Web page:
copyright © 2002 Todd Ristau

I am God

by Todd Wm. Ristau

[in a soft and gentle voice]

Have you ever watched a child play? They are really good at building things, imagining things. They donít need an impressive collection of elaborate and expensive toys, they just use their imagination and a series of blocks can be a city wall, the ants living inside the walls are the people, the rip in the dirt gouged out by the claws of a hammer is a river bed that fills with water from the hose. When the dam breaks the ants all drown and the child seems prouder of the destruction than he ever was of the creation.

By building these pretend cities, the child understands the concept of God, of the benevolent power of creation and the joy of watching that which he has created exist on its own, outside his head. It is an amazing thing for a child who is just learning to understand itself to begin to grasp the concept that it can create something which exists on its own--separate from that which has created it. This kind of play also helps the child to finish the weaning process, because through this kind of play the child comprehends that it is not an extension of its parents, in particular of its mother, but separate from it entirely.

When the child destroys the ant city, kicks down the sand castle, he begins to understand the other part of Godís nature. The masculine side. He learns about God the destroyer, the one who is feared and respected. God himself never asked us to fear and respect him because of his awesome power to create, he only told us to fear and follow him out of respect for his power to destroy us all in the end. The Flood is still something we are taught in Sunday school, a lesson in Godís power, the wicked were destroyed. The Pharohís soldiers were destroyed in the Red Sea, God told Moses to kill all the wicked people worshipping the golden calf, to kill the oneís who were already living in the Promised Land. A child learns early that creation is admired, but destruction is respected.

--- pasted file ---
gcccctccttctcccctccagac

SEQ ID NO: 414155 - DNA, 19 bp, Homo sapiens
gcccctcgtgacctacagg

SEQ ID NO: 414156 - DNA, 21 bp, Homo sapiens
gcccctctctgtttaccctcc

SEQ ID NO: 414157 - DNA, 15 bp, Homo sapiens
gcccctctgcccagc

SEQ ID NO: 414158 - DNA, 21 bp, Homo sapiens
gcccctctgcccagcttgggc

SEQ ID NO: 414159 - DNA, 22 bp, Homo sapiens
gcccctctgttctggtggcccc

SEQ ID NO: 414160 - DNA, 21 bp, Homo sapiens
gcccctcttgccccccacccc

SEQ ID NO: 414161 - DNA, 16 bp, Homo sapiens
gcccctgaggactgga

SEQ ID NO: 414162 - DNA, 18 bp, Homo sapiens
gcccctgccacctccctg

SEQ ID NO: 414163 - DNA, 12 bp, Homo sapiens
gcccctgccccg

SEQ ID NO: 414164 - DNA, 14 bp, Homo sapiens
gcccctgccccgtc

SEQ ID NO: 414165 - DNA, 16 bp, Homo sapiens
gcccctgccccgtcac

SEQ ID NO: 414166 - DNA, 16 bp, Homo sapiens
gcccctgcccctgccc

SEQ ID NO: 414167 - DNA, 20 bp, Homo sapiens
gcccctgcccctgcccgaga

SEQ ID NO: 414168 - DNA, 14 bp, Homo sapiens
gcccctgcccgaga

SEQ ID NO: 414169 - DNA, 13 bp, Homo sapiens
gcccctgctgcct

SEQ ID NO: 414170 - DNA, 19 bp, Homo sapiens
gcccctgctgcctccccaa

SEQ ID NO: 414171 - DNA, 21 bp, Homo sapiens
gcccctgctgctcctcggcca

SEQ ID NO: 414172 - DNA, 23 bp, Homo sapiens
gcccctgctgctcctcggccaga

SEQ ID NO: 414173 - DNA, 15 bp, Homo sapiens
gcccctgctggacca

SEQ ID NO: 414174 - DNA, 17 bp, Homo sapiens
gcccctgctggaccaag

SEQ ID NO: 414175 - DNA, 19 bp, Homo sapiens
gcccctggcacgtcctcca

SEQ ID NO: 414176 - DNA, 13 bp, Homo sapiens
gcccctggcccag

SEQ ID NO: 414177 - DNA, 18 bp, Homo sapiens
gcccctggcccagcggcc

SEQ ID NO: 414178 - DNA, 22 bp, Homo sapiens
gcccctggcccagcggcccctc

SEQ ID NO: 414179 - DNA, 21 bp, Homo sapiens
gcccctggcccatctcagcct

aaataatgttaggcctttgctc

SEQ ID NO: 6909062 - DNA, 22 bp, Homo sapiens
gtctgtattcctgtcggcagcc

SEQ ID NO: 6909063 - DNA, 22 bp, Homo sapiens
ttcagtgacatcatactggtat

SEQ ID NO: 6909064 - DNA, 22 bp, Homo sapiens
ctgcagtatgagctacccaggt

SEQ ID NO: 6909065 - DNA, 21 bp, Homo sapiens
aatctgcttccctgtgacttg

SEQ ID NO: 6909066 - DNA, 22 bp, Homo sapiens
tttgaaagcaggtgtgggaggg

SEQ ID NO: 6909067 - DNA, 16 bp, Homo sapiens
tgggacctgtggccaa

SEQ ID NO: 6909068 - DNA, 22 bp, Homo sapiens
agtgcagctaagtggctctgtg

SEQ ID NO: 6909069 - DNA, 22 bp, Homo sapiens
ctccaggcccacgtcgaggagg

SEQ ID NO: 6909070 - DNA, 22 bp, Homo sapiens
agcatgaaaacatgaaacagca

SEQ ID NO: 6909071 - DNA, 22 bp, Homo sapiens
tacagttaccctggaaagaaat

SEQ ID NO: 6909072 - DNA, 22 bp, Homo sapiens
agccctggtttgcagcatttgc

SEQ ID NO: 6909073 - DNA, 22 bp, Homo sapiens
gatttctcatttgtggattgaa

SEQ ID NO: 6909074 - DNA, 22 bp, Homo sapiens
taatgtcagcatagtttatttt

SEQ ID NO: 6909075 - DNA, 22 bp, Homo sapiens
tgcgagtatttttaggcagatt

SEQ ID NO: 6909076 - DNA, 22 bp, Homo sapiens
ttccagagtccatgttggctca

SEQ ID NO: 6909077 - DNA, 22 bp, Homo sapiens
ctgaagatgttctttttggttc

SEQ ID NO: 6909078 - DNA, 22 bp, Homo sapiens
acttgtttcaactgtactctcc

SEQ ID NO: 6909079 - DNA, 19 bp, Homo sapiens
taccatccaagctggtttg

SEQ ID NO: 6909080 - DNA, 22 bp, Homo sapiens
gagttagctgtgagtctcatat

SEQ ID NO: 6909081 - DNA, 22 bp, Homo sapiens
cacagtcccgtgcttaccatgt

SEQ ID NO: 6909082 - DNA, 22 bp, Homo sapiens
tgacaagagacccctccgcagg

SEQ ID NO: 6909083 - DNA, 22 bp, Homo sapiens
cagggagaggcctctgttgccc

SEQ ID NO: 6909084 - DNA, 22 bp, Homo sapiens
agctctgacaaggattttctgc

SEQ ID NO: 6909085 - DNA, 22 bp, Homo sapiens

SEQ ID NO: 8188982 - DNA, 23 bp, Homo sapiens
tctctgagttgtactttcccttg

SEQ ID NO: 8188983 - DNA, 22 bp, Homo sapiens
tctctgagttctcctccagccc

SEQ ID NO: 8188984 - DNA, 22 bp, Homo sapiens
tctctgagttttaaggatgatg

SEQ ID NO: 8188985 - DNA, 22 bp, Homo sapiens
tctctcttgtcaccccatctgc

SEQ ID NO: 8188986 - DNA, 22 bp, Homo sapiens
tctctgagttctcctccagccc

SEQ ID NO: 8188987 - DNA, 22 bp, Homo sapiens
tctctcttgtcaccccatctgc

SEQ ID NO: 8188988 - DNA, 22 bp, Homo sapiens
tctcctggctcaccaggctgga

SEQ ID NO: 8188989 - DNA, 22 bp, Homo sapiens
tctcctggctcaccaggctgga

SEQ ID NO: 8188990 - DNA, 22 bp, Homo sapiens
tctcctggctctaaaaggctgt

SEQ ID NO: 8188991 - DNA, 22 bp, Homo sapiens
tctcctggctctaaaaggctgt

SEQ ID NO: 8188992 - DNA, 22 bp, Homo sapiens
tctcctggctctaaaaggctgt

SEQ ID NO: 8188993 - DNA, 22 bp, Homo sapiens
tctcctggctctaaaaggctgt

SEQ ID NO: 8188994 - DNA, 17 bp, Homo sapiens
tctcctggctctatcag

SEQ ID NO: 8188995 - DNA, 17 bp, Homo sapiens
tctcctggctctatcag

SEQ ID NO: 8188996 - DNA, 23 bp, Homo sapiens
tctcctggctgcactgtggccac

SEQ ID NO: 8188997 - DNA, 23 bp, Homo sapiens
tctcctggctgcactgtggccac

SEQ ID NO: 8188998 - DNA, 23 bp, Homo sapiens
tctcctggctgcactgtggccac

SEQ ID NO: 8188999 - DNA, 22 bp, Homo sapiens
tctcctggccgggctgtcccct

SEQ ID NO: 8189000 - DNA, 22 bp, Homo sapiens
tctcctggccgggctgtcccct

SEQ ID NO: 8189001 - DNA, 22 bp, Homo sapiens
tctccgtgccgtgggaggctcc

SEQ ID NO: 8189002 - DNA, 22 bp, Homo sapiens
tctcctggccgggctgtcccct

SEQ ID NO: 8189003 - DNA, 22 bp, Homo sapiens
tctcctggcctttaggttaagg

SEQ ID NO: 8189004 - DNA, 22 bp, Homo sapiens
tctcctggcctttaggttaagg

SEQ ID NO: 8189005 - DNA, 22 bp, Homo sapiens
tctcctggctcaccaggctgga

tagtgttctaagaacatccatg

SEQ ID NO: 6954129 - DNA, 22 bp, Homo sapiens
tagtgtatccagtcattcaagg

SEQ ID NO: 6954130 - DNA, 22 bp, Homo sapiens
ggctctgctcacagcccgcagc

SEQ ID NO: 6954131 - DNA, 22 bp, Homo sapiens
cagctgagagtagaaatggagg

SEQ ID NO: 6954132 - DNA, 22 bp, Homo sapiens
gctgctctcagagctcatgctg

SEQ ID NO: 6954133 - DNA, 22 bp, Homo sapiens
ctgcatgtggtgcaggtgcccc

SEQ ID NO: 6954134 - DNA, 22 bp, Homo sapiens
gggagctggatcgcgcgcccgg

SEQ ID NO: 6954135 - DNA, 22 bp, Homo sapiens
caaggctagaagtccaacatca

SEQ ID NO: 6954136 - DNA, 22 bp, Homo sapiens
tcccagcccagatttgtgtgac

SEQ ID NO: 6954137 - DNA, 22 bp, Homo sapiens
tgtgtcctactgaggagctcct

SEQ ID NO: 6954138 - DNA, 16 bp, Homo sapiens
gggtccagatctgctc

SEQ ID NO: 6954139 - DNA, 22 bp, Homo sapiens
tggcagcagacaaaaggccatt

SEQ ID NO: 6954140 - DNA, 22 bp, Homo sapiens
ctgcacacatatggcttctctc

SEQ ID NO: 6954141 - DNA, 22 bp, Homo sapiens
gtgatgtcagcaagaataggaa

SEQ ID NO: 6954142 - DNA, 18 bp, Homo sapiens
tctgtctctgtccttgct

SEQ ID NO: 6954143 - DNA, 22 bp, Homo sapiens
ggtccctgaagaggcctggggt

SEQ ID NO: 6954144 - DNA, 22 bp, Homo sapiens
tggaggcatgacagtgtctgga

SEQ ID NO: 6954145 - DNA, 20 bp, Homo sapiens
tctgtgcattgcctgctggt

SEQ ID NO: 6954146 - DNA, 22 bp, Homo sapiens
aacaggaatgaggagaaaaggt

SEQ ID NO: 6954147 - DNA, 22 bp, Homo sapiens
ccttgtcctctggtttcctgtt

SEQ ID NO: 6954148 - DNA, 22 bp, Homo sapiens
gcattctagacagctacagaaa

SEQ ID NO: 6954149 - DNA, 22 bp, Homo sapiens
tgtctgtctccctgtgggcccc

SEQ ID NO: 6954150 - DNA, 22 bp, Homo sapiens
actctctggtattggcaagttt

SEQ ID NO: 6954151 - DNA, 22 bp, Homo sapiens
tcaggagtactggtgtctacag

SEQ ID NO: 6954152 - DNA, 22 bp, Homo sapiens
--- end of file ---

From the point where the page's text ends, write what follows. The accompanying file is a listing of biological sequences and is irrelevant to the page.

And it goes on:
With this kind of understanding is it any wonder that psychologists agree that a child would destroy the world if it had the power?

When I was a kid, my mom used to tell me all the time, "I brought you into this world, I can take you out of it just as easily." I donít think she meant it, but she planted the thought. I knew I could never have children of my own. That my Mother had the power to create, and because she was powerful she had the power to destroy. My mother was the closest thing to God that I had ever experienced.

I tried to compensate as I grew up, for the inability I saw in my power to create. I didnít understand as a child that Mom hadnít spontaneously created me, but in the absence of a father I didnít grasp that a man played any role in my creation. When I did understand the concept, I think it was too late for me to take ownership of it. My feelings of inadequacy and powerlessness were dominant character traits by then. I wanted to date girls, to be loved by them, but because I saw myself as having no value, there was nothing of value for them to see in me, and so I spent most of my years in high school living in a fantasy world. In my fantasy world I could create things that were beautiful and sweet and lovely and I was solely responsible for them. I drew and wrote, and even painted. I didnít want anyone to know about these attempts, so I would destroy them before anyone else saw them. I didnít destroy them because I wanted the joy of destroying them, I wanted to protect myself from having my creations destroyed by anyone else but me.